Genealogy in the Isle of Man and Channel Islands
Both the Isle of Man and the Channel Islands, though part of the United Kingdom, stand separate from England, both geographically and in other ways. That means looking at some of the same resources used for British family history, but also others, some of which are available online, and others which aren’t. That could well involve trips to the places to investigate.
Isle Of Man GenealogyThe Isle of Man is an ancient kingdom with stronger ties to Ulster, Scotland, and even its Viking past than it really has to England, although administratively it’s definitely part of the UK. All census records are kept in the British National Archives in London (available online), and make a good starting point.
Whilst civil registration of marriages, births and deaths started in England in 1837, they didn’t begin so quickly on the Isle of Man, where it was 1849 for marriages, and not until 1878 for births and deaths. Records are kept on the island, and available at register offices in the four main towns, Douglas, Ramsey, Peel, and Castletown. This means, of course, that any researcher will rely more heavily on parish registers, many of which have been collected by the Society of Genealogists. However, a number of those can also be found in the International Genealogical Index maintained by the Church of Latter Day Saints, and available online.
Manx National Heritage is also a very useful resource for anyone trying to ease their way into Manx family history, and has publications available. Lists of householders for different places and times exist (one of the oldest is for Douglas in 1730), which can be very informative.
It is also possible to find extracted probate records for at least some wills online. In all records have been kept of wills and probate back to 1620. It’s also worth learning about the surnames common on the island and their history if you’re going to dig into family history there at all.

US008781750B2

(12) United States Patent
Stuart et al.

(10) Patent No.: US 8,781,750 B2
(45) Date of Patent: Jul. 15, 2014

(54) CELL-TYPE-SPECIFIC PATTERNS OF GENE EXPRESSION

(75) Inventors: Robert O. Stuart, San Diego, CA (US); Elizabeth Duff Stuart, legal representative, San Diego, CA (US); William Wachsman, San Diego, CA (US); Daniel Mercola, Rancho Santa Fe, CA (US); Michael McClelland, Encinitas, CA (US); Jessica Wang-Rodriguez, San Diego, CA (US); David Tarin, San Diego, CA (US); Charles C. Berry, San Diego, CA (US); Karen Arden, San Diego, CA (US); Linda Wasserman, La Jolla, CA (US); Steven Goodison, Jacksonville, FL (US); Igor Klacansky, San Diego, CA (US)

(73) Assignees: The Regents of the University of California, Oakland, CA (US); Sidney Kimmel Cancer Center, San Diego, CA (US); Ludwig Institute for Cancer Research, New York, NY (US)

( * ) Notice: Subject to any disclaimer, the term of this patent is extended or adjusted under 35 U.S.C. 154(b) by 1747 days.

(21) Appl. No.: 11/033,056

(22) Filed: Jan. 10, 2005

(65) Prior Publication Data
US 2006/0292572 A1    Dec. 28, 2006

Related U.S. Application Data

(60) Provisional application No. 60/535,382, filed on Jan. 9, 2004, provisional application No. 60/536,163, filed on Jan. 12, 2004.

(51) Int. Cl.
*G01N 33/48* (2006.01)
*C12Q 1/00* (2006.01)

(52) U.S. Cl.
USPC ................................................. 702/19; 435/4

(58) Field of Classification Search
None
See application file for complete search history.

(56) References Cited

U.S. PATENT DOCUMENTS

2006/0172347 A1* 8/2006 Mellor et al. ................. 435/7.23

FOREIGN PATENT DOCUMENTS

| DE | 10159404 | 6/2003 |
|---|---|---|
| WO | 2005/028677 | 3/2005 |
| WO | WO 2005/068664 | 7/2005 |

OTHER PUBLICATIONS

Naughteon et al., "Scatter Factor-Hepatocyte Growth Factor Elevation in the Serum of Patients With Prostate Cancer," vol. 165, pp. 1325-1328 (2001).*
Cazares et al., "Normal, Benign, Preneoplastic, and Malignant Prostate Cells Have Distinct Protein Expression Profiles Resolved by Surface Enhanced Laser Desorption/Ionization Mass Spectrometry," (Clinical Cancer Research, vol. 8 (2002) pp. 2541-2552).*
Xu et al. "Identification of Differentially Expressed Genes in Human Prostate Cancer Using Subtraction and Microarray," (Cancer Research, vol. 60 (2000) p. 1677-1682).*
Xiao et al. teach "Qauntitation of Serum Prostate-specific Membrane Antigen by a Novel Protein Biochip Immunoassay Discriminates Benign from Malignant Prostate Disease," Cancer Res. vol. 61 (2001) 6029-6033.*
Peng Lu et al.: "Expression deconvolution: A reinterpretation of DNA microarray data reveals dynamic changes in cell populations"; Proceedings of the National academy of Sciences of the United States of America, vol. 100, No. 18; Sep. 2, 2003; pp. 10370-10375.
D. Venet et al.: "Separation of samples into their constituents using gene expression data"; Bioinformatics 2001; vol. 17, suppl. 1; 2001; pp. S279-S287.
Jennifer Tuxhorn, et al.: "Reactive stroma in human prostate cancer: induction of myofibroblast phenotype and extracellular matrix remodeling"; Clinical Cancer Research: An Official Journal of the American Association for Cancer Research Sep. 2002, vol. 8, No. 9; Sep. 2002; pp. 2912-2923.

Channel Islands GenealogyThe Channel Islands offer a different challenge. Situated closer to France than England, the daily language is a mix of French and English, although English is the official language. Jersey is the main island, but Alderney, Sark, and Guernsey are also important, and control some of their own administration, just to complicate things further.
For census purposes, the Channel Islands are included with England and Wales, meaning that all records are kept at the National Archives and are available online. Additionally, much information for all the islands can be found, as with the Isle of Man, at the International Genealogical Index.
For Jersey, there’s a good family history section at the Société Jersiaise in Lord Coutanche Library at St. Helier. The Jersey Archive, also in St. Helier, has censuses, registrations of births, marriages, and deaths, as well as wills and probate records from 1660, and church registers, in both the original and transcriptions.
Beyond Jersey, records aren’t so centralised. On Guernsey, for instance, parish records are kept in the parish churches, although the Society of Genealogists has copies. After civil registration began in 1842, records were kept – as they still are – at the Royal Court House, which also houses property transaction records from 1576 onwards.
Records on Alderney are spotty, but the island has a family history volunteer who keeps copies of all records. Sark actually comes under the bailiwick of Guernsey, and all its records are kept on that island.